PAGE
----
Standardized tests gave Ravens safety Kyle Hamilton anxiety — but not because of the long list of questions and a, b, c and d bubbles awaiting him. He stalled on the first page, the one that asks which race you are.
For years, the tests gave you the option of picking only one. And, for a kid who was proudly Black and proudly Korean, how could he choose between the two?
Hamilton is a self-described “racial rainbow” who said some people have assumed he’s Hispanic or Middle Eastern. People in Atlanta, where he grew up, were less likely to recognize him as “Blasian,” as Hamilton referred to it.
In Weeks 7 and 8, the league allowed players to add another flag to their helmets alongside the U.S. flag as part of the NFL Heritage Program. You could add a flag if you lived in another country for two years or if your parent or grandparent lived there. Hamilton, whose mom and grandparents lived in South Korea, added that flag.
Although the rarity of his ethnicity in professional football isn’t something he thinks about every day, Hamilton said, when he looks at the bigger picture, he sees the importance of repping Asian culture in the NFL.
“It’s cool that people identify with me, in a sense that I’m on this stage and able to perform at a level or I’m good enough to be out here,” Hamilton said. “And for those who may not look like they suit the sport, or whatever it may be, it’s cool that that doesn’t really matter at the end of the day.”
Hamilton is proud of every part of his culture, not just his Korean and Black ethnicity but also having lived in Greece and the American South. But, in the NFL, it is his Korean heritage that makes him rare. In a league of more than 1,600 players, he is among a group smaller than 10.
As a kid, he looked up to former Pittsburgh Steeler Hines Ward, who is also half-Korean and who went to the University of Georgia, near where Hamilton grew up. In addition to the numerous accolades he won as a wide receiver, Ward is an advocate of acceptance for mixed-race people in Korea and was appointed by former President Barack Obama to the President’s Advisory Commission on Asian Americans, Native Hawaiians and Pacific Islanders.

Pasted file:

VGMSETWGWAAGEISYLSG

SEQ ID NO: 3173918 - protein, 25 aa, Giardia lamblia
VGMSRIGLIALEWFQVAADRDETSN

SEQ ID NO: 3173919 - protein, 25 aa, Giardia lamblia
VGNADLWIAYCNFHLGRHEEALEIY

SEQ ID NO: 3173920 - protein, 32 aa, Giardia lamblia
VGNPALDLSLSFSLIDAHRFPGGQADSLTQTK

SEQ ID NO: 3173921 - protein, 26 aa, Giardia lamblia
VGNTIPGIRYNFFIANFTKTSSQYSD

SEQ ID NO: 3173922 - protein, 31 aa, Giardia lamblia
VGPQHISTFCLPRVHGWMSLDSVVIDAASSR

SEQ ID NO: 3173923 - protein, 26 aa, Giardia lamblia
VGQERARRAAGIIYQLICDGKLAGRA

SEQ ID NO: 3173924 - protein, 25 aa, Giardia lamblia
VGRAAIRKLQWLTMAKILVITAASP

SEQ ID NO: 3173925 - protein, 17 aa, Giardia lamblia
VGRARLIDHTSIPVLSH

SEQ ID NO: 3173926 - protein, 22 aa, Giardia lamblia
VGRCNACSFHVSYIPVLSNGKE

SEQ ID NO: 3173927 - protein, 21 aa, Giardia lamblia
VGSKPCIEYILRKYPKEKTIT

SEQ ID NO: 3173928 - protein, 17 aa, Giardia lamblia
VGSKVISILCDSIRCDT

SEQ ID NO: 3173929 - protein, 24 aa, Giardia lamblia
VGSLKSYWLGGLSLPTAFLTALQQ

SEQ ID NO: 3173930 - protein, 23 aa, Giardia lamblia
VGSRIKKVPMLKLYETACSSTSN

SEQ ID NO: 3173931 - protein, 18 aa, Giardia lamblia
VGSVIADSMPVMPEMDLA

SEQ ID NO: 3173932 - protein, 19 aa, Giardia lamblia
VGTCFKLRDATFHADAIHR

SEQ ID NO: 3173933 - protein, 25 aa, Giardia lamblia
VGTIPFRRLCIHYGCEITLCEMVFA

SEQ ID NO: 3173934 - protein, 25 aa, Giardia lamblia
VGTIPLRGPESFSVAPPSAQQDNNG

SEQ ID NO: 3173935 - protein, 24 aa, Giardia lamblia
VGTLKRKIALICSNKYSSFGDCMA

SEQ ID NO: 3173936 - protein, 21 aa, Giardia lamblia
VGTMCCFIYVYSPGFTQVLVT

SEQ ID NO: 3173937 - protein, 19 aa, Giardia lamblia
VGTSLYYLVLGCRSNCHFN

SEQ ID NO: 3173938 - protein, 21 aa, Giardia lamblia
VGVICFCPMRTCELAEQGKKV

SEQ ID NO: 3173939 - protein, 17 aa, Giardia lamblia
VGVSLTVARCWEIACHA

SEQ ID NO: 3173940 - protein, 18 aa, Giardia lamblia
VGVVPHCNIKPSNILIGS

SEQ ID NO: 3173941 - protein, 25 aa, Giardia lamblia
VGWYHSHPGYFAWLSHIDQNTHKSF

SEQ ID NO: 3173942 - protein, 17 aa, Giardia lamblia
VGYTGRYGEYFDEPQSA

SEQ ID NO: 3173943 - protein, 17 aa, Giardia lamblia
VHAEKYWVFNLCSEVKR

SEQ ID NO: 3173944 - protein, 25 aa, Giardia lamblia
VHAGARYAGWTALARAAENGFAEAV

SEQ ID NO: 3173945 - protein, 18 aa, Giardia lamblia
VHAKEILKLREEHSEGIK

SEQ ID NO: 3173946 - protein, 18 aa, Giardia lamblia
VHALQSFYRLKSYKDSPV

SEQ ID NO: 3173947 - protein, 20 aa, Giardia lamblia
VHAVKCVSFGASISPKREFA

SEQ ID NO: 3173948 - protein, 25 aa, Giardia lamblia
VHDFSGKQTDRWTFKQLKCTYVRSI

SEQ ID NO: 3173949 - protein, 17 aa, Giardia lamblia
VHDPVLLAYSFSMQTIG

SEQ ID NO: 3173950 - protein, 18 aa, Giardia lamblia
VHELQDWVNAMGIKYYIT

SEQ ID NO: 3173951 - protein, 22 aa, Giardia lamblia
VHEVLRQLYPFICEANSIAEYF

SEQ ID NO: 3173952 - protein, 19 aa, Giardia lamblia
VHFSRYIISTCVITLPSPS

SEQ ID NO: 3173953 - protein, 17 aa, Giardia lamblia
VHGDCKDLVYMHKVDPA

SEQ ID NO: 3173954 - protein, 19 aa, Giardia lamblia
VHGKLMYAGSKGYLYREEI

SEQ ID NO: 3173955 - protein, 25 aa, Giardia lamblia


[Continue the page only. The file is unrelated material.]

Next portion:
“It was cool to see someone like me do it,” Hamilton says.
Hamilton’s Korean heritage was a big part of his childhood, including the food he ate and the language he heard in his household.
He became familiar with phrases from his mother, Jackie, who would tell him to “sit down,” “come here” or “give me a kiss” in Korean. The family shared meals of Korean barbecue. Hamilton’s favorite dish is bulgogi. As he grew up, he learned more about Koreans’ cultural respect for elders.
He’s excited because this offseason he will go for the first time to South Korea, where he will see family and eat — he’s beyond excited for the food, he said with a laugh.
Now that Hamilton has made it to the NFL, he can tell you most of the active players with Korean ties (not that the list is long). There’s Arizona Cardinals quarterback Kyler Murray, whom he wanted to meet last week. There’s Atlanta Falcons kicker Younghoe Koo, Washington Commanders quarterback Sam Howell, Houston Texans tight end Brevin Jordan and Denver Broncos guard Luke Wattenberg.
“There’s not many of us,” Hamilton said.
Even if you expand to East Asian players, the list is short. Among others, Buffalo Bills safety Taylor Rapp is half-Chinese and half-white, and Detroit Lions wide receiver Kalif Raymond is half-Black and half-Chinese. This week, Hamilton will face off against Seattle Seahawks running back Zach Charbonnet, who is half-Black, part Chinese and part Cambodian.
“It’s cool to be a unique part in a league with so many people,” Hamilton said.